Harry looked over at the Slytherin table and saw a horrible ghost sitting there, with blank staring eyes, a gaunt face, and robes stained with silver blood. He was right next to Malfoy who, Harry was pleased to see, didn't look too pleased with the seating ar-rangements.

--Harry Potter and the Sorcerer's Stone

Over seems to mean across in the context. Does it mean Harry looked across/over students at the Slytherin?


Over in contexts like this—over there, over to, over at, combined with another locative and without an object of its own—usually implies a shift of focus: farther away and/or in a different direction.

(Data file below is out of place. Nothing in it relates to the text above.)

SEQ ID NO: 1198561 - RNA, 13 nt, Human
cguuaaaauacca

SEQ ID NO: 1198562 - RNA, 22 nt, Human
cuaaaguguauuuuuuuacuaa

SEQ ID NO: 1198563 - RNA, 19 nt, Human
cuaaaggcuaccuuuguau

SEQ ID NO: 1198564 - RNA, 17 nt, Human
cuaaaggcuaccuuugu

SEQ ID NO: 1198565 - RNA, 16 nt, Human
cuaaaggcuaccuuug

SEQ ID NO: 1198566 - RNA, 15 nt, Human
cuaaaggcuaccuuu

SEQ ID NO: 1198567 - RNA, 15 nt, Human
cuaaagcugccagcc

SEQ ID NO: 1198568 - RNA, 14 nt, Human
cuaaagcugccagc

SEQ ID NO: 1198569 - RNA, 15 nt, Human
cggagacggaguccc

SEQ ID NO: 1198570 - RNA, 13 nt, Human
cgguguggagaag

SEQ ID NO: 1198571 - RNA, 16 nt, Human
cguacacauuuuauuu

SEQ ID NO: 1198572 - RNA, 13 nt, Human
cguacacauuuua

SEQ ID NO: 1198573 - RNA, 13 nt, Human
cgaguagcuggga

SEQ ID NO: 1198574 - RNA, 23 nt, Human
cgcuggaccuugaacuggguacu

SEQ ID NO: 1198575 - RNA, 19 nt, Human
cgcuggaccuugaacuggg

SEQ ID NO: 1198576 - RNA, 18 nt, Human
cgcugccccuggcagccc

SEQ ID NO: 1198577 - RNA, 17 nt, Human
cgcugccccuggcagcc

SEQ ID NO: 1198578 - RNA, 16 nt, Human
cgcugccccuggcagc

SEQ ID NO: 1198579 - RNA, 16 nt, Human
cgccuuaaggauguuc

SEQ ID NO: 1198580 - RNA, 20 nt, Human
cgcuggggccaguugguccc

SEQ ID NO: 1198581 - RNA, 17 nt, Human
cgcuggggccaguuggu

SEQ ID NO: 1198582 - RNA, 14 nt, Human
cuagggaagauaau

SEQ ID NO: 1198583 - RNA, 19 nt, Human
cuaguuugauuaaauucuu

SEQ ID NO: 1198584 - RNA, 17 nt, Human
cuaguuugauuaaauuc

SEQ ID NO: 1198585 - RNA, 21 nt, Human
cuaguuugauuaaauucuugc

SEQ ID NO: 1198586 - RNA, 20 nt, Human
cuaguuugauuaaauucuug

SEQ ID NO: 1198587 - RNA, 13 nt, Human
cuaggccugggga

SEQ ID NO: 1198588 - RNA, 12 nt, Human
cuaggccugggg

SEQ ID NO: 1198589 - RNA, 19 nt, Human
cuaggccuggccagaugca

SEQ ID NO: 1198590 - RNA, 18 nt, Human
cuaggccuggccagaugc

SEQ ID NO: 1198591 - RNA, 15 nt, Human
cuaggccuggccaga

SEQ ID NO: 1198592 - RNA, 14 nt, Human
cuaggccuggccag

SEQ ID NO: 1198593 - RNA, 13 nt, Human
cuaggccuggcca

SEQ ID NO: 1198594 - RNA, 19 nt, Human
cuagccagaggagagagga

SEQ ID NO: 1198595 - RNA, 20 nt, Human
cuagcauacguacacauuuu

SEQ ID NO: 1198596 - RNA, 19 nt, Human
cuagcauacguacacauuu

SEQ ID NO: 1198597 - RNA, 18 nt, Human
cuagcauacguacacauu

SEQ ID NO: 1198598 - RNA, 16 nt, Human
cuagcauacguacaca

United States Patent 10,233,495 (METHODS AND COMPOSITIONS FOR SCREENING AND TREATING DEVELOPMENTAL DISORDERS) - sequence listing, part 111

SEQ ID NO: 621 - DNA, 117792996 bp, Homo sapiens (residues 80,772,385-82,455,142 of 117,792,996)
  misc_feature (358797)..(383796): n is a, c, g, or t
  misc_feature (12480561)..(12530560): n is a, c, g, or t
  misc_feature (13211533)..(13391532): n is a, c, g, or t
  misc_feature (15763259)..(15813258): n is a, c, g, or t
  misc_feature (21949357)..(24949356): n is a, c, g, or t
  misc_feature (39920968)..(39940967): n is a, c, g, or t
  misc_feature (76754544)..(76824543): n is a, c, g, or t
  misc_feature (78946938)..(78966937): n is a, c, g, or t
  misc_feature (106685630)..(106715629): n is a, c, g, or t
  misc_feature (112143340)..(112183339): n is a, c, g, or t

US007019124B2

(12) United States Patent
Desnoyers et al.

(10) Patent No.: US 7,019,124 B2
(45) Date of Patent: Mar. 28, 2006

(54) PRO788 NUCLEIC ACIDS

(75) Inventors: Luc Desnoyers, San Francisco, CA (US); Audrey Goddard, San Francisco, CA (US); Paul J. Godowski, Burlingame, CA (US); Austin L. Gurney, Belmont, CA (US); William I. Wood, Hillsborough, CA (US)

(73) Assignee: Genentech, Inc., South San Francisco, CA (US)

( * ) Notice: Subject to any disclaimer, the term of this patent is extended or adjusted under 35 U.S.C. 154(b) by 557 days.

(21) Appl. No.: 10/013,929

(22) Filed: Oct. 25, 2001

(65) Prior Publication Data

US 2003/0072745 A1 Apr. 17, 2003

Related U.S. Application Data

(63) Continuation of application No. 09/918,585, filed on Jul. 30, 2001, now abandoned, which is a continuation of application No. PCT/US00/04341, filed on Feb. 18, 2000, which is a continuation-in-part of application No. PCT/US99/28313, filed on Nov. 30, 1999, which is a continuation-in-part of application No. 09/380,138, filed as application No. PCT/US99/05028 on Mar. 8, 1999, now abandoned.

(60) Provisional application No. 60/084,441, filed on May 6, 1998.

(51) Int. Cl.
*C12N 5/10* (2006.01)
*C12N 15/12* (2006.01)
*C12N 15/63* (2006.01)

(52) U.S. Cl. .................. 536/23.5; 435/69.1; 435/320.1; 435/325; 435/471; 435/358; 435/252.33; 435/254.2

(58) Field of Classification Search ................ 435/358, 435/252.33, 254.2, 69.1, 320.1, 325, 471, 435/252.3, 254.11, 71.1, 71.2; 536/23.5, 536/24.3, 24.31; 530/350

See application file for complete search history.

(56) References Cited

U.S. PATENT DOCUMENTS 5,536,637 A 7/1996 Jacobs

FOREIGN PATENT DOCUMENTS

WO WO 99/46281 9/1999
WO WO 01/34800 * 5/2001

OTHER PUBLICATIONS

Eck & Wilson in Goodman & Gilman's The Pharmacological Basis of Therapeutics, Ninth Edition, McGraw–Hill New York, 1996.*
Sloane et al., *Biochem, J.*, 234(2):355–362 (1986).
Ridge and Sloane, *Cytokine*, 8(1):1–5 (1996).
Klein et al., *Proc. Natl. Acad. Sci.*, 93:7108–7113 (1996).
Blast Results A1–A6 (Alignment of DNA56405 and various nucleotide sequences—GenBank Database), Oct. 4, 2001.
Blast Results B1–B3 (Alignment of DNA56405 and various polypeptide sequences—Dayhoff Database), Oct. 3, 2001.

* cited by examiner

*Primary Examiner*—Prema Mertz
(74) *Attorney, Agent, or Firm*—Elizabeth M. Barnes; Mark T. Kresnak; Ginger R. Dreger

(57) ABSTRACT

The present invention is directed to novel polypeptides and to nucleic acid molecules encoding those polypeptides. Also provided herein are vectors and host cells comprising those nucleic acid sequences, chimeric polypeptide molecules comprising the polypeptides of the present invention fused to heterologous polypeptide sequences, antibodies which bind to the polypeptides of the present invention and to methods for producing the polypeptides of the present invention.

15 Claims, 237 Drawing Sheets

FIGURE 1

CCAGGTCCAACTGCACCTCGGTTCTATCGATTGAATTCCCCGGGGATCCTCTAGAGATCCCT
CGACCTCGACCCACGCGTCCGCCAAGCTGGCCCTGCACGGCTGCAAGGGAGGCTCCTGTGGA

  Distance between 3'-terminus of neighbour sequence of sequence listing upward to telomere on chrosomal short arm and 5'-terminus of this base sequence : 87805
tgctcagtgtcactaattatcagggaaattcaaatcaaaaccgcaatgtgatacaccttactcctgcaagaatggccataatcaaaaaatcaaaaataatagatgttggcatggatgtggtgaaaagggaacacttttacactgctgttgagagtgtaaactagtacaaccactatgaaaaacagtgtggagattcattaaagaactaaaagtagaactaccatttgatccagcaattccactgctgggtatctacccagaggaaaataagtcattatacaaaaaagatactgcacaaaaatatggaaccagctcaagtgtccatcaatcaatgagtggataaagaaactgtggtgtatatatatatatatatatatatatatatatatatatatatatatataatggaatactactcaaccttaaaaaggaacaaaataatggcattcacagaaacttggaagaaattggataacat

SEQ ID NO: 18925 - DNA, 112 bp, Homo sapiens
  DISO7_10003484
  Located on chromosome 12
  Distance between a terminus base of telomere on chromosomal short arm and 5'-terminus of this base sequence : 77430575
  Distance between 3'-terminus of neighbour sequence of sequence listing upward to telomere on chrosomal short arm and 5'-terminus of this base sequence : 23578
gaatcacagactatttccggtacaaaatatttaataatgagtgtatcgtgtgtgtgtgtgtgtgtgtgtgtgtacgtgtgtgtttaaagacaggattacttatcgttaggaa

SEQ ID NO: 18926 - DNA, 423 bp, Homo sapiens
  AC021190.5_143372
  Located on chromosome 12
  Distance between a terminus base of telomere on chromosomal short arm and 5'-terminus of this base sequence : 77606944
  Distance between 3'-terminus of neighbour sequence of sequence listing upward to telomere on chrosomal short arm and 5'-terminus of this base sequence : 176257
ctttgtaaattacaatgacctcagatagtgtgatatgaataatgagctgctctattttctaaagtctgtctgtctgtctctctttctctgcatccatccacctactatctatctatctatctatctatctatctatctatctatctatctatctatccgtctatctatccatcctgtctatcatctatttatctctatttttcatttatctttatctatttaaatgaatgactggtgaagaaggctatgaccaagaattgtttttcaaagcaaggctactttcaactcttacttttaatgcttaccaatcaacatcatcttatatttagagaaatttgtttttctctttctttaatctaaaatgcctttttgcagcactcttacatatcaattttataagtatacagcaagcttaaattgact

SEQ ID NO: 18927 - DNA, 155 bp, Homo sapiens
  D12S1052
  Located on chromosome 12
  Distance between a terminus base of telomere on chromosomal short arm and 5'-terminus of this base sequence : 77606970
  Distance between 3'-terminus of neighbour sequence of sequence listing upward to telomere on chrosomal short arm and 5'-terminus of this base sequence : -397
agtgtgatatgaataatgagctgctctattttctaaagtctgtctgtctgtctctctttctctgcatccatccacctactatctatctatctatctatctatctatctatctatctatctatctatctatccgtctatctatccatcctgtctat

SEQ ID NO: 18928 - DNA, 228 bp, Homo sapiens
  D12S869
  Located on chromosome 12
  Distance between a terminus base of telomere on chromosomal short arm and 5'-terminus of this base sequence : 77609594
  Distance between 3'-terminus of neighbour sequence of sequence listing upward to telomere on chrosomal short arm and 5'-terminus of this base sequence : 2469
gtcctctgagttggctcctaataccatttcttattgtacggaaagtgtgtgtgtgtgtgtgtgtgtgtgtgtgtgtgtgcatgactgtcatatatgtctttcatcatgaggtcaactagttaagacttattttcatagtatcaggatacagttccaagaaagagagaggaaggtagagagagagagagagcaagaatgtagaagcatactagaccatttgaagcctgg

Here’s where we are, on Locust Street ... and over here’s the museum we’re trying to get to.

Look over there!

Could you run over to the stockroom and get us a case of printer paper?

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